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Jun 7
2019

Research Bit: New screens for C9ORF72 mechanisms

Research Bits
The Packard Center welcomed Aaron Gitler from Stanford University to our recent Investigator's Meeting.

Meeting Date: 7 June 2019

Presenter: Aaron Gitler

Talk Title: New screens for C9ORF72 mechanisms

 

What was the question being asked?

Many labs use “model systems” to study the disease mechanisms that both initiate and drive ALS progression. ALS models that use human cells (like neurons) can take a very long time to grow and study. However, many of the genes expressed in human cells have close family members in yeast, which grow much more quickly. Therefore, using yeast as a model for ALS can allow for rapid identification of important ALS genes. This can be done using a “screen,” which is a technique that can systematically turn on and off every gene contained within a cell’s DNA. Through this process, scientists can identify genes that slow down or speed up the death of cells that have ALS.

Why is this important for ALS research?

The Gitler lab has used yeast to identify many important genes that contribute to ALS progression, as well as tools that can be used to better study this disease in human cells. Some of these genes are directly involved in cell death, which has important implications in this degenerative disease. Using human neuron cultures, these genes have been observed to drive cell death in the setting of ALS.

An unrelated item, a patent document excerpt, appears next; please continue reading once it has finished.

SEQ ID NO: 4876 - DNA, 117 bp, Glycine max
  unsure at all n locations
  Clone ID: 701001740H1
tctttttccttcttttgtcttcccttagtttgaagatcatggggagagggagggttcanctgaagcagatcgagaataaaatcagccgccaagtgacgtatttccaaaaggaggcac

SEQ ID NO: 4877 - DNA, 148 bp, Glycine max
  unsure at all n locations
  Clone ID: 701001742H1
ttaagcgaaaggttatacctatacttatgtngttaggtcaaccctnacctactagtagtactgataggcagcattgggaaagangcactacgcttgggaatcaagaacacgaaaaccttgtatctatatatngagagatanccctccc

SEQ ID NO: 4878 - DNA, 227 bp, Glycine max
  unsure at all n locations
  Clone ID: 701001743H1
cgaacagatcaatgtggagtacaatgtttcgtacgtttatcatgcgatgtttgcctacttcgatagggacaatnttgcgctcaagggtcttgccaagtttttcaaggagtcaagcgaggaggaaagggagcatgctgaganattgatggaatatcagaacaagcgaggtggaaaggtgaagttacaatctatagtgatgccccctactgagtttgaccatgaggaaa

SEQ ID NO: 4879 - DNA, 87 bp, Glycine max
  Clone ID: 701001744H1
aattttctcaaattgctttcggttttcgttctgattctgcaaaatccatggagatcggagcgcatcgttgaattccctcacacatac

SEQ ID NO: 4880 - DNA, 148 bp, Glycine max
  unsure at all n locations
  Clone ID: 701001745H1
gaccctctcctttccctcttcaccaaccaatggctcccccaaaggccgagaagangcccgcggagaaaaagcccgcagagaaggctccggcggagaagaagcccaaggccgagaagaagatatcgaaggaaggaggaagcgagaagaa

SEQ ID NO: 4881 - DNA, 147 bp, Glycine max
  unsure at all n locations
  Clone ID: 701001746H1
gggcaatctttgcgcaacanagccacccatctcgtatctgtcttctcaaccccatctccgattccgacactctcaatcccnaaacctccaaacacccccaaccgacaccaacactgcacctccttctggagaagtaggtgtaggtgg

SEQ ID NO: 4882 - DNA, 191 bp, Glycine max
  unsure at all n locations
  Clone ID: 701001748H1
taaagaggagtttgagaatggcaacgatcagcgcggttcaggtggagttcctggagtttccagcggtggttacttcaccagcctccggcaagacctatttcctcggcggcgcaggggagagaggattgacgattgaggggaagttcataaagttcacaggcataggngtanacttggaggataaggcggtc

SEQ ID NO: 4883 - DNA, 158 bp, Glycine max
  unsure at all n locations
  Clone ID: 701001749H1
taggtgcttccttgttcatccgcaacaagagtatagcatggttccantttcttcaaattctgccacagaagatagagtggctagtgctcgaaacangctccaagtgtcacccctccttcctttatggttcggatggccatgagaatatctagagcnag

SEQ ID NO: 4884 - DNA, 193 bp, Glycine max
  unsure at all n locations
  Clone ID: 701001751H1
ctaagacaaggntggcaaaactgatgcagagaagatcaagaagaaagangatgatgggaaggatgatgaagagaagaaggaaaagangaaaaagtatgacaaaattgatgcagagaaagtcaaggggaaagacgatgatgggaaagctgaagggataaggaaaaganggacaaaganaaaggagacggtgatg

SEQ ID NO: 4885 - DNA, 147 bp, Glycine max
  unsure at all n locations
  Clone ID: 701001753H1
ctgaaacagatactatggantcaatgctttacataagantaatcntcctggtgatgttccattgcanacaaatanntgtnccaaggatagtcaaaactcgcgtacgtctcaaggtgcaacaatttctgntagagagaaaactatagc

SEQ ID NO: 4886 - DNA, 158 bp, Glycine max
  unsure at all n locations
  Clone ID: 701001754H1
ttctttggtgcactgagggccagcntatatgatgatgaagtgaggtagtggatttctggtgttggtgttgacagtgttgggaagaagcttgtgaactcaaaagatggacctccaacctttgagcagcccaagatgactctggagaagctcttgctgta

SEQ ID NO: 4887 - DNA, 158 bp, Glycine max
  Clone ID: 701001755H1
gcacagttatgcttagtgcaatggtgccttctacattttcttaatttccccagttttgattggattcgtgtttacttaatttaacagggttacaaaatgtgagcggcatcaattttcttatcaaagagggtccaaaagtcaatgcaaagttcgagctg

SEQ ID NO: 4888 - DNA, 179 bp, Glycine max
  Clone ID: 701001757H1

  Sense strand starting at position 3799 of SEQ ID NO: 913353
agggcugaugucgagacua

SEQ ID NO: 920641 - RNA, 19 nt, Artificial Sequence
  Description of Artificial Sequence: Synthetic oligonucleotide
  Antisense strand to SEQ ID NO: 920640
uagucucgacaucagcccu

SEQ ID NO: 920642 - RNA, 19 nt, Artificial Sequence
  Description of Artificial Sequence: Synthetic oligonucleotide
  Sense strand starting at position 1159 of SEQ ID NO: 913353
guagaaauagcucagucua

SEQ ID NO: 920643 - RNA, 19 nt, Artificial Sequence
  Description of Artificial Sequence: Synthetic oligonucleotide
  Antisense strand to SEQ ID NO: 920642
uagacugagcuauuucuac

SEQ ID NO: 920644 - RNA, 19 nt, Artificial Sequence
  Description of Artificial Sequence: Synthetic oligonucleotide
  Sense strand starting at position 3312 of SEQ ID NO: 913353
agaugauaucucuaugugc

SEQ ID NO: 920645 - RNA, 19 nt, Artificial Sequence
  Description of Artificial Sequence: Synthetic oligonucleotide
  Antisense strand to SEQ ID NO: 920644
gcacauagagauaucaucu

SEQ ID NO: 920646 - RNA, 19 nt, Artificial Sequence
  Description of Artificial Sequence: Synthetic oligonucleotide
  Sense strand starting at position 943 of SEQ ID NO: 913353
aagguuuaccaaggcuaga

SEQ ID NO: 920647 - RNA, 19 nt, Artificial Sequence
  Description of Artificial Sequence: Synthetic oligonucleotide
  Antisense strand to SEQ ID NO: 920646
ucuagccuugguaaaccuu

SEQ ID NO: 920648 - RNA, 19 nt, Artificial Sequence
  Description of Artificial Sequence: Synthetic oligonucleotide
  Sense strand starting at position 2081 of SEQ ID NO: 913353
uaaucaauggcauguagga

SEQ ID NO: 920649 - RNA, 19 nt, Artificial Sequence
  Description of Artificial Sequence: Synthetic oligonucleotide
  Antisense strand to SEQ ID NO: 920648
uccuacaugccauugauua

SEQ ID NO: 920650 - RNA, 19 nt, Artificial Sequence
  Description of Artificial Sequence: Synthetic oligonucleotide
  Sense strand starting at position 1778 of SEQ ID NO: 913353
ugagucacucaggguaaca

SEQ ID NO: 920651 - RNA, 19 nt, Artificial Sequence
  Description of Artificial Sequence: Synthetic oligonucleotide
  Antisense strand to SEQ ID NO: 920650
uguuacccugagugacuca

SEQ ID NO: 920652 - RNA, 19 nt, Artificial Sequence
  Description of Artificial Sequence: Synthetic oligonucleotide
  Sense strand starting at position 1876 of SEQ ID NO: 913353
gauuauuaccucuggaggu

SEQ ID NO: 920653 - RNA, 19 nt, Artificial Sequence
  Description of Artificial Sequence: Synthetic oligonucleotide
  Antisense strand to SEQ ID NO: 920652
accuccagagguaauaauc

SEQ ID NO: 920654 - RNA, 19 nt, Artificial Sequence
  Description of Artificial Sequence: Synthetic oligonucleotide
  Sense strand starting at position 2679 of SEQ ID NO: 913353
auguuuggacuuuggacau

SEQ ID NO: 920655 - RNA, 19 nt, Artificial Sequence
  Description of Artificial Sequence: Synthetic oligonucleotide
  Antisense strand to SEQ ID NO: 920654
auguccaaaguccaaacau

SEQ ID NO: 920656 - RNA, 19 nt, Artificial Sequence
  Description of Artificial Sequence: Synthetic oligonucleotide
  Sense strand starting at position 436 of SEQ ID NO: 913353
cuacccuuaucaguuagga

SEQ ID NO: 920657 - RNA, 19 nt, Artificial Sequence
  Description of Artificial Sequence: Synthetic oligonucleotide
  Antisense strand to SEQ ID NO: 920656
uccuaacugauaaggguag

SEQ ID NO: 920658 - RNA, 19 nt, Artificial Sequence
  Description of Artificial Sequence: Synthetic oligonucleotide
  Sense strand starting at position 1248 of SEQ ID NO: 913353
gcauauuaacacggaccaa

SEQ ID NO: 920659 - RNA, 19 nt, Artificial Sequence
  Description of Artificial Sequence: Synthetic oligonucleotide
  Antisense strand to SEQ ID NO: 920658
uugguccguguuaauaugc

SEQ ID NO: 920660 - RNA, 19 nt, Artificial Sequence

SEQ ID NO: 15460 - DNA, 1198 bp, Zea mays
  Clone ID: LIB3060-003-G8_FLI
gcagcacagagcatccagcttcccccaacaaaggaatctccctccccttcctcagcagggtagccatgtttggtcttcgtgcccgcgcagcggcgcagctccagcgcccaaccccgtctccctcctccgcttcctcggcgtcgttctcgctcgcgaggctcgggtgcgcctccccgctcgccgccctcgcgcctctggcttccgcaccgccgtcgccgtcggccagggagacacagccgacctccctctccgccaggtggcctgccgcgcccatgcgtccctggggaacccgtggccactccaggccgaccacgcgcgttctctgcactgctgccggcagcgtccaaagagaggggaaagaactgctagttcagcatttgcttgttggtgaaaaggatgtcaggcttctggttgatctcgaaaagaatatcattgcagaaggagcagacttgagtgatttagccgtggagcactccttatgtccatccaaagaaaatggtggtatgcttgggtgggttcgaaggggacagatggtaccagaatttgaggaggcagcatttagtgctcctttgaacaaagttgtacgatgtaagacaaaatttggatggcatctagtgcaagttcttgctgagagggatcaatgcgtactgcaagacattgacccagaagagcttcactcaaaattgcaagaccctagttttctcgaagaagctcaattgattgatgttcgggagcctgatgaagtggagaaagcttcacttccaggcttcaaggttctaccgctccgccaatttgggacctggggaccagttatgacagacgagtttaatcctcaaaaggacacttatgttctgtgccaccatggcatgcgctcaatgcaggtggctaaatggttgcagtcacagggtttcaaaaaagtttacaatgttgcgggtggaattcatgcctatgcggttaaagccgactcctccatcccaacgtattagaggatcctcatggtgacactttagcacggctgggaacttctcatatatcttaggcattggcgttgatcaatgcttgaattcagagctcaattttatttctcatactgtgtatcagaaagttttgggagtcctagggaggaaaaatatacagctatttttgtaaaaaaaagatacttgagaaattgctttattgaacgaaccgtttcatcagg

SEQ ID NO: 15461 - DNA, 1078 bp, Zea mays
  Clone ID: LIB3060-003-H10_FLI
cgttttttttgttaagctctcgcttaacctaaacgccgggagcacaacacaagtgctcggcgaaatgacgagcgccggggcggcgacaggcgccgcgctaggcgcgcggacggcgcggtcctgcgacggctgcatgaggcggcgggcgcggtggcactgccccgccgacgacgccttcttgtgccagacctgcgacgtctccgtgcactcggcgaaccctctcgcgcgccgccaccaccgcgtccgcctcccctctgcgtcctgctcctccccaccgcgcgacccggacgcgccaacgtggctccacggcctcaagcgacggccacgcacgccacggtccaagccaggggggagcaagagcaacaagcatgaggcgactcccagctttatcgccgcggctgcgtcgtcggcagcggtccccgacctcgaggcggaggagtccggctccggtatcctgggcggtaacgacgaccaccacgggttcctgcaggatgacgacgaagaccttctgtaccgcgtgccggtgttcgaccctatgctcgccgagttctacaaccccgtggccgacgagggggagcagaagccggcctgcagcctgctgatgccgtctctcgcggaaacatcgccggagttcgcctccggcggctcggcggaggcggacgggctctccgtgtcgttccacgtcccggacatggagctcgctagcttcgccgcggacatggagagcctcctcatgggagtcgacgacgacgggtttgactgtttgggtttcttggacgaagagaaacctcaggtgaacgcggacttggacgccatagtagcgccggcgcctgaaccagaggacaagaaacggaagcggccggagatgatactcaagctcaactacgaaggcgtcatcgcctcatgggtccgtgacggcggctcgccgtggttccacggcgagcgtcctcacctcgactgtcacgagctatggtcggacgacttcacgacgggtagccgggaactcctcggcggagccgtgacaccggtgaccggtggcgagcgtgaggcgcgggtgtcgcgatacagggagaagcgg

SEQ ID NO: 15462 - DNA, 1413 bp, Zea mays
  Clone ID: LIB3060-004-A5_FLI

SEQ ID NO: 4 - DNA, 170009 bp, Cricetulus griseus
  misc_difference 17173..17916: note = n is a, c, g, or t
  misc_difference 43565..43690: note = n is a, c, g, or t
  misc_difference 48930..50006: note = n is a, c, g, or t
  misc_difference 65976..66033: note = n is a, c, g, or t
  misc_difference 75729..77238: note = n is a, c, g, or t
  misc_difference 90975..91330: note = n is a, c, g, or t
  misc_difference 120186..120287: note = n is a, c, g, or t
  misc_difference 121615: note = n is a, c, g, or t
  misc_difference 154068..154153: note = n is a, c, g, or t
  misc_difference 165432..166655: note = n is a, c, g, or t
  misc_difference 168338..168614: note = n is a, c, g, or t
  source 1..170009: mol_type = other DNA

How do you think the results of this study might impact future approaches to the treatment of ALS?

The combination of yeast and human models provides the best of both worlds: the speed of yeast with the direct relevance of human cells. By combining experiments using each of these models, future ALS research can be hastened and readily validated in cultured human neurons, increasing the impact for the field.

 

Ben Zaepfel
Ph.D. Candidate | Rothstein Lab
Biochemistry, Cellular and Molecular Biology Ph.D. Program

The Johns Hopkins School of Medicine

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